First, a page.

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Oracle® Owners Manual

The result you obtain from your meter may differ somewhat from your laboratory result due to normal variation. Meter results can be affected by factors and conditions that do not affect laboratory results in the same way. (See test strip package insert for typical accuracy and precision data, and for important information on Limitations.) To make an accurate comparison between meter and laboratory results, follow the guide-lines below.

Before you go to the lab:

  • Perform a control solution test to make sure that the meter is working properly.
  • It is best to fast for at least eight hours before doing comparison tests.
  • Take your meter with you to the lab.

While at the lab:

Make sure that the samples for both tests (the meter test and the lab test) are taken and tested within 15 minutes of each other.
  • Wash your hands before obtaining a blood sample.
  • Never use your meter with blood that has been collected in a gray-top test tube.
  • Use fresh capillary blood only.

You may still have a variation from the result because blood glucose levels can change significantly over short periods, especially if you have recently eaten, exercised, taken medication, or experienced stress*4. In addition, if you have eaten recently, the blood glucose level from a finger stick can be up to 3.9 mmol/L higher than blood drawn from a vein (venous sample) used for a lab test*5.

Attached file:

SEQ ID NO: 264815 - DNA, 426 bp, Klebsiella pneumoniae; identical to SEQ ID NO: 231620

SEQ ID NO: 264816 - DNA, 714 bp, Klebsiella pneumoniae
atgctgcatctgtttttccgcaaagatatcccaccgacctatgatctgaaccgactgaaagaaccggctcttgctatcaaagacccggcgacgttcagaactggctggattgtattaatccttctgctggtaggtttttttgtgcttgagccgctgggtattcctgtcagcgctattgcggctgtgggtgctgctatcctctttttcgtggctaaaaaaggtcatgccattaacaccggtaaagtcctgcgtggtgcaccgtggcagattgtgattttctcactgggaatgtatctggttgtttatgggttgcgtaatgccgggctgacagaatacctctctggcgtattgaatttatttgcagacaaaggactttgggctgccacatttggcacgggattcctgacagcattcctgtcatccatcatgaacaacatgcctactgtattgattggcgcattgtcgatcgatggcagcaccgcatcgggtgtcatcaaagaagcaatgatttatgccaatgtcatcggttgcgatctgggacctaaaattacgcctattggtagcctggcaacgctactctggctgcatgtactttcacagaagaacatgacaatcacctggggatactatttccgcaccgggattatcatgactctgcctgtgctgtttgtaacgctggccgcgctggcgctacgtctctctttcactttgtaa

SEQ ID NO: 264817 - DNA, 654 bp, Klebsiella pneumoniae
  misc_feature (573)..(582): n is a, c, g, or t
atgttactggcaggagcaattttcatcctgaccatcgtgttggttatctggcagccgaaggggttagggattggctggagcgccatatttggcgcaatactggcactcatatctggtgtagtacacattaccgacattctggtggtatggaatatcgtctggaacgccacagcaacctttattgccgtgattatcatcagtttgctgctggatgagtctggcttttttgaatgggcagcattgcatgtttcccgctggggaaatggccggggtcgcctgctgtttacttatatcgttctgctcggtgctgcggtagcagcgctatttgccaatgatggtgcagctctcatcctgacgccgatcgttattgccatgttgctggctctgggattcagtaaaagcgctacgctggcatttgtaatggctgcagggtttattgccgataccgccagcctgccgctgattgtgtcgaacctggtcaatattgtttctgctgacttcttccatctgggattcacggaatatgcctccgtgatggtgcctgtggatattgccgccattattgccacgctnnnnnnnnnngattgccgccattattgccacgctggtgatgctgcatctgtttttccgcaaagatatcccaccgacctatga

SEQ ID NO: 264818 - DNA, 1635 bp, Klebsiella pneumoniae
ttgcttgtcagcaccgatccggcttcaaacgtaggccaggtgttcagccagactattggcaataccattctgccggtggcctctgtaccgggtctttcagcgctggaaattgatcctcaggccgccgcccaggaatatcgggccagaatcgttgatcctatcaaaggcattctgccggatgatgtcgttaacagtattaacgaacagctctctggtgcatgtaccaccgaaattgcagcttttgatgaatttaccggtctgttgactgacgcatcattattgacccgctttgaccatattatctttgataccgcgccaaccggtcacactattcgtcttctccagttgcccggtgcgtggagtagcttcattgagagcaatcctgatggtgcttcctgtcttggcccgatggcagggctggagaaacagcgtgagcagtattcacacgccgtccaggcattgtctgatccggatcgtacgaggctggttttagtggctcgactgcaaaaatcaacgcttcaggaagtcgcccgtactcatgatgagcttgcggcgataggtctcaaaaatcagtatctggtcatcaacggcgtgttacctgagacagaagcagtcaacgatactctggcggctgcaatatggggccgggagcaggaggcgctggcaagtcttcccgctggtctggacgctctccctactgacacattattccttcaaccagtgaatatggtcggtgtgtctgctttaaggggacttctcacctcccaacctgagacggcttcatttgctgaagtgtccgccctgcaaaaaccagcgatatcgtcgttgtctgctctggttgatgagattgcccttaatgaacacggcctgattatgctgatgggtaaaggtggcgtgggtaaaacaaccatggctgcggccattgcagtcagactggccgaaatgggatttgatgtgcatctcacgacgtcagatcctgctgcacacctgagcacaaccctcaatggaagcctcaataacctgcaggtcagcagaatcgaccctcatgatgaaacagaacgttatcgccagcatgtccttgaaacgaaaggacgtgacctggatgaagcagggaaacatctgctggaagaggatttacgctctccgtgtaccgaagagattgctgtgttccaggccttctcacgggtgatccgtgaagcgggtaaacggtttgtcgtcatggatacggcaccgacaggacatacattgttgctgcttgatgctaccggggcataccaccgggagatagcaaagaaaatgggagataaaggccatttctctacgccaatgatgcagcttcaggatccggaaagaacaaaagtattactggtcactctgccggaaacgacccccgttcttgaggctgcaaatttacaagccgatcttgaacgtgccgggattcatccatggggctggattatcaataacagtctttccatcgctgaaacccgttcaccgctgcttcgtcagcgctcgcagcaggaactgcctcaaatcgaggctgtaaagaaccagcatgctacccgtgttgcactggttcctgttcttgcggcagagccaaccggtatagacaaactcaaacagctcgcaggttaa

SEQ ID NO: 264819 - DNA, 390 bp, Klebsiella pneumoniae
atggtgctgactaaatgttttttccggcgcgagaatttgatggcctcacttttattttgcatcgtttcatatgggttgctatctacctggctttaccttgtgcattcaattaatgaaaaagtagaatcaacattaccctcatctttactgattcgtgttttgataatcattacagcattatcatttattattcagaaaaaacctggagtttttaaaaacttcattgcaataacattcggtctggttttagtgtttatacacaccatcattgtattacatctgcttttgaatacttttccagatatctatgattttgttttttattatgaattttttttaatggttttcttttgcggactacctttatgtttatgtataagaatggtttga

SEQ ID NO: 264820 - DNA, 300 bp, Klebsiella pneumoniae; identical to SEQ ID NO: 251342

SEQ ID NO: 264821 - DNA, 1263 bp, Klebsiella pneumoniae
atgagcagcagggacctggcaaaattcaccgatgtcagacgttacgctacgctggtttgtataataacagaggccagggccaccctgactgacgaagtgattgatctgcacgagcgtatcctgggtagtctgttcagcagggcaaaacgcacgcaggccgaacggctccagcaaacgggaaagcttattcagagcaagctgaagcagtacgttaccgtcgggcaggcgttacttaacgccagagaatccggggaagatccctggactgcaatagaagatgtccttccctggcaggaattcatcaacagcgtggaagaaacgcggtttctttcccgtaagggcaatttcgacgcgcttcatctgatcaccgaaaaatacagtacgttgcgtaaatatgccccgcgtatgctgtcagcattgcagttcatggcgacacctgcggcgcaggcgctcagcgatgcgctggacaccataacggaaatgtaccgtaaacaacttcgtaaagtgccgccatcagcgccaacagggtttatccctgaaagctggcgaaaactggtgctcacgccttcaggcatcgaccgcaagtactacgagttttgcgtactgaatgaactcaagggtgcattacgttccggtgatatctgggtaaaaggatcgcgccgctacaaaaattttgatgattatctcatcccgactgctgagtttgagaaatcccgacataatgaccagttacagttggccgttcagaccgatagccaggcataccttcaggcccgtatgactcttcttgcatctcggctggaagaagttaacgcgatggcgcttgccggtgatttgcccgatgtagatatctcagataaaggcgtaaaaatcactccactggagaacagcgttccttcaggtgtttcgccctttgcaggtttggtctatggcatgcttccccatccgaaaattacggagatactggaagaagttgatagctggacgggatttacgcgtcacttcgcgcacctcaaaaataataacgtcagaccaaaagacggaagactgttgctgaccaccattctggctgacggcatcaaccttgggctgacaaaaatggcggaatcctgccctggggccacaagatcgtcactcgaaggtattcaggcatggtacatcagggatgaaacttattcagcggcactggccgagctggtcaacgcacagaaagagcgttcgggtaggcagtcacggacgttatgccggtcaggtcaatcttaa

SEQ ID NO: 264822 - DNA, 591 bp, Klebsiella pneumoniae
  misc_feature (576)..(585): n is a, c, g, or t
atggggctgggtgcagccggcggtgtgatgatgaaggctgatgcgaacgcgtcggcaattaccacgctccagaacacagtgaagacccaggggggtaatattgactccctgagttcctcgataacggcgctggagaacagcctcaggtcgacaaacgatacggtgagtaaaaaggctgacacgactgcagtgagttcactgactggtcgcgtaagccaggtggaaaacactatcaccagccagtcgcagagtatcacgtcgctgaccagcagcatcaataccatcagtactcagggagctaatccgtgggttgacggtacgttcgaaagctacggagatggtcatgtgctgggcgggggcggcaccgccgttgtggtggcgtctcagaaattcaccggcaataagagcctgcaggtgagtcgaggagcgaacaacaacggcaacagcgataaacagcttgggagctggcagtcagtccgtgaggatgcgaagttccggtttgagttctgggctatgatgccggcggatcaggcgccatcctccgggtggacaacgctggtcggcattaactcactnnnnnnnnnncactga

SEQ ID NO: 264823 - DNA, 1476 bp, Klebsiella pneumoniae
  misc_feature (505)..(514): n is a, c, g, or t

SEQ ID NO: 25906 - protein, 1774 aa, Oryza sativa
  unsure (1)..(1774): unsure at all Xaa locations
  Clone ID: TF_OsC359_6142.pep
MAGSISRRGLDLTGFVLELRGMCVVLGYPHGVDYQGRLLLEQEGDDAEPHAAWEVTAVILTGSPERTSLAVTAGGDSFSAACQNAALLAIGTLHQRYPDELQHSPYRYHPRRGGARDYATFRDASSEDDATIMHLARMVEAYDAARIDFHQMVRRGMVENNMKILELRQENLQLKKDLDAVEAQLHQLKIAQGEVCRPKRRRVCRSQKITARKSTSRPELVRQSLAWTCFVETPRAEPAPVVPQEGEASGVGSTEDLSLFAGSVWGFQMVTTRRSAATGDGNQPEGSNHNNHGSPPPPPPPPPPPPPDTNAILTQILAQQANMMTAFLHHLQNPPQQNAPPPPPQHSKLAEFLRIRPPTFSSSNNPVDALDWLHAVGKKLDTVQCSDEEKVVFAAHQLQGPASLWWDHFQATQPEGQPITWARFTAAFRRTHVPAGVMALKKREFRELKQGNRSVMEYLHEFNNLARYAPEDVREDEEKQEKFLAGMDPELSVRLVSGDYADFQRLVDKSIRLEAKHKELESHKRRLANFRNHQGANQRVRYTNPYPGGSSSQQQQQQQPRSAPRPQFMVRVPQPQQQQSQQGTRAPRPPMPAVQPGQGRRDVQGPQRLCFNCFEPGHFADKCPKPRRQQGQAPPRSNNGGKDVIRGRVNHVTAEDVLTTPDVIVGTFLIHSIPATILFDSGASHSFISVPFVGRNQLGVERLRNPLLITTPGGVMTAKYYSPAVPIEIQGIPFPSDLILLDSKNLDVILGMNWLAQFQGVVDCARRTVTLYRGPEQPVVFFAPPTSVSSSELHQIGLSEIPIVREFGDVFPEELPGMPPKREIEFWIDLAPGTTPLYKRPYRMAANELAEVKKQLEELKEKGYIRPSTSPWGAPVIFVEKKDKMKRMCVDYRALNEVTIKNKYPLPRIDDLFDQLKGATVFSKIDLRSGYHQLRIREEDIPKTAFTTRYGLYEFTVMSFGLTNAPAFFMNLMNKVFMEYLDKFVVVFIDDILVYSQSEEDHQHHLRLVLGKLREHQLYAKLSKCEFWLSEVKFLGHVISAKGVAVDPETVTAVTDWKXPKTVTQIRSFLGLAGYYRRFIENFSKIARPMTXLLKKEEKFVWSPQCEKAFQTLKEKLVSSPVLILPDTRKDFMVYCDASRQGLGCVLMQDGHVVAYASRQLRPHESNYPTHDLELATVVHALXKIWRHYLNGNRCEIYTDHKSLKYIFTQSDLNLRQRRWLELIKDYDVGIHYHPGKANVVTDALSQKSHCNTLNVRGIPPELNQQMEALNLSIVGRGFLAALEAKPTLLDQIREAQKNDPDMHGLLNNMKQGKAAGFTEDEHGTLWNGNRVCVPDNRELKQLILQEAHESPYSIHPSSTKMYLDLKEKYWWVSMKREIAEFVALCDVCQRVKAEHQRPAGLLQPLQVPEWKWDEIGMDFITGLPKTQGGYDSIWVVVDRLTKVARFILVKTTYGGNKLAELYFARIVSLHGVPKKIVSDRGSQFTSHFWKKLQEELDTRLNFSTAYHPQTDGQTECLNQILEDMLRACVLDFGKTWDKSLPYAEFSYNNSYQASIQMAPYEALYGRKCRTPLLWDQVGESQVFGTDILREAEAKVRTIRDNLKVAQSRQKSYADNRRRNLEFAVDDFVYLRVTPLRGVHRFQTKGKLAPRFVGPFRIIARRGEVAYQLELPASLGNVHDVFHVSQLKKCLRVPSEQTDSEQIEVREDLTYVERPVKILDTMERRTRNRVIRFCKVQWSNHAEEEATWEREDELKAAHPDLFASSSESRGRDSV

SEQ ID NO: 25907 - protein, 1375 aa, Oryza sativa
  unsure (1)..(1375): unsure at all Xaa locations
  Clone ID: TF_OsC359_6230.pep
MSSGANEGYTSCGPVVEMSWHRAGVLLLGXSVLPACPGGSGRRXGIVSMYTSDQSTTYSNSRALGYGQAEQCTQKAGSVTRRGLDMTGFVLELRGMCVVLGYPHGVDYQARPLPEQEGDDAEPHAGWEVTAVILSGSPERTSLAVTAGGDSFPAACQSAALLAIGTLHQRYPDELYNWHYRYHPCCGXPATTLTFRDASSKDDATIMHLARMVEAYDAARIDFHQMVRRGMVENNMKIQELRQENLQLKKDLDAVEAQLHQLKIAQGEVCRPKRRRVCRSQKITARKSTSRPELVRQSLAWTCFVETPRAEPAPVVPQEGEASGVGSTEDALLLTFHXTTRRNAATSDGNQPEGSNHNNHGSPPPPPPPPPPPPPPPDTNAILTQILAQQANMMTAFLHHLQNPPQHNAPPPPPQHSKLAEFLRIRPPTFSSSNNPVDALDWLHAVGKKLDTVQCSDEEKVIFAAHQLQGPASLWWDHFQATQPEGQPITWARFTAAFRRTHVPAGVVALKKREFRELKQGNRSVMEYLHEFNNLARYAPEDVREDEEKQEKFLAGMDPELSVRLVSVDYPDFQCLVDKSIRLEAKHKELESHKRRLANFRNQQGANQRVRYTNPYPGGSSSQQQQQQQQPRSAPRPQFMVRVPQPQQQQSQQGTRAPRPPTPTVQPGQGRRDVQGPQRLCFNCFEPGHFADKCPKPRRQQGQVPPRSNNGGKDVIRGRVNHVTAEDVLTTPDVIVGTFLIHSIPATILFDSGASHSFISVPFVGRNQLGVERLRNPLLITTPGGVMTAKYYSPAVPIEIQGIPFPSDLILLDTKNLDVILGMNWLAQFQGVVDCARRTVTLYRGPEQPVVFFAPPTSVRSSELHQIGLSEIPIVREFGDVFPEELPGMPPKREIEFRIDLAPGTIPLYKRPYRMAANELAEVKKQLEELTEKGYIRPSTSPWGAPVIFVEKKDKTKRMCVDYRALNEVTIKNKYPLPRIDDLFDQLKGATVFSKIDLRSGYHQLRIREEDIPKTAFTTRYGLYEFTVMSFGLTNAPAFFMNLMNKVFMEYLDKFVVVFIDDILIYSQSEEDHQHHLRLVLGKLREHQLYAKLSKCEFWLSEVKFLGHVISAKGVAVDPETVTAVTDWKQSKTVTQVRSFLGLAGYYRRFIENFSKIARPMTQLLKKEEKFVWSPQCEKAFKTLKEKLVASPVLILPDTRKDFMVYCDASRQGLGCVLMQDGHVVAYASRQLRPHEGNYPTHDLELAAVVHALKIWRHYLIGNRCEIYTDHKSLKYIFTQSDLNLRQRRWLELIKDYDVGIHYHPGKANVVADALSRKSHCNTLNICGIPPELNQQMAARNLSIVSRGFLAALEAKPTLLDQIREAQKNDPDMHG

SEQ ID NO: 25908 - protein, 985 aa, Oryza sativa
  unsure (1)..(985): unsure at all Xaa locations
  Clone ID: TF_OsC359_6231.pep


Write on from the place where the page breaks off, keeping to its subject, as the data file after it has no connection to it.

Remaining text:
Therefore, it is best to fast for eight hours before doing comparison tests. Factors such as the amount of red blood cells in the blood (a high or low hematocrit) or the loss of body fluid (severe dehydration) may also cause a meter result to be different from a laboratory result.

*4: Surwit, R.S., and Feinglos, M.N.: Diabetes Forecast (1988), April, 49-51.
*5: Sacks, D.B.: “Carbohydrates. “ Burtis, C.A., and Ashwood, E.R.( ed.), Tietz Textbook of Clinical Chemistry. Philadelphia: W.B. Saunders Company (1994), 959.

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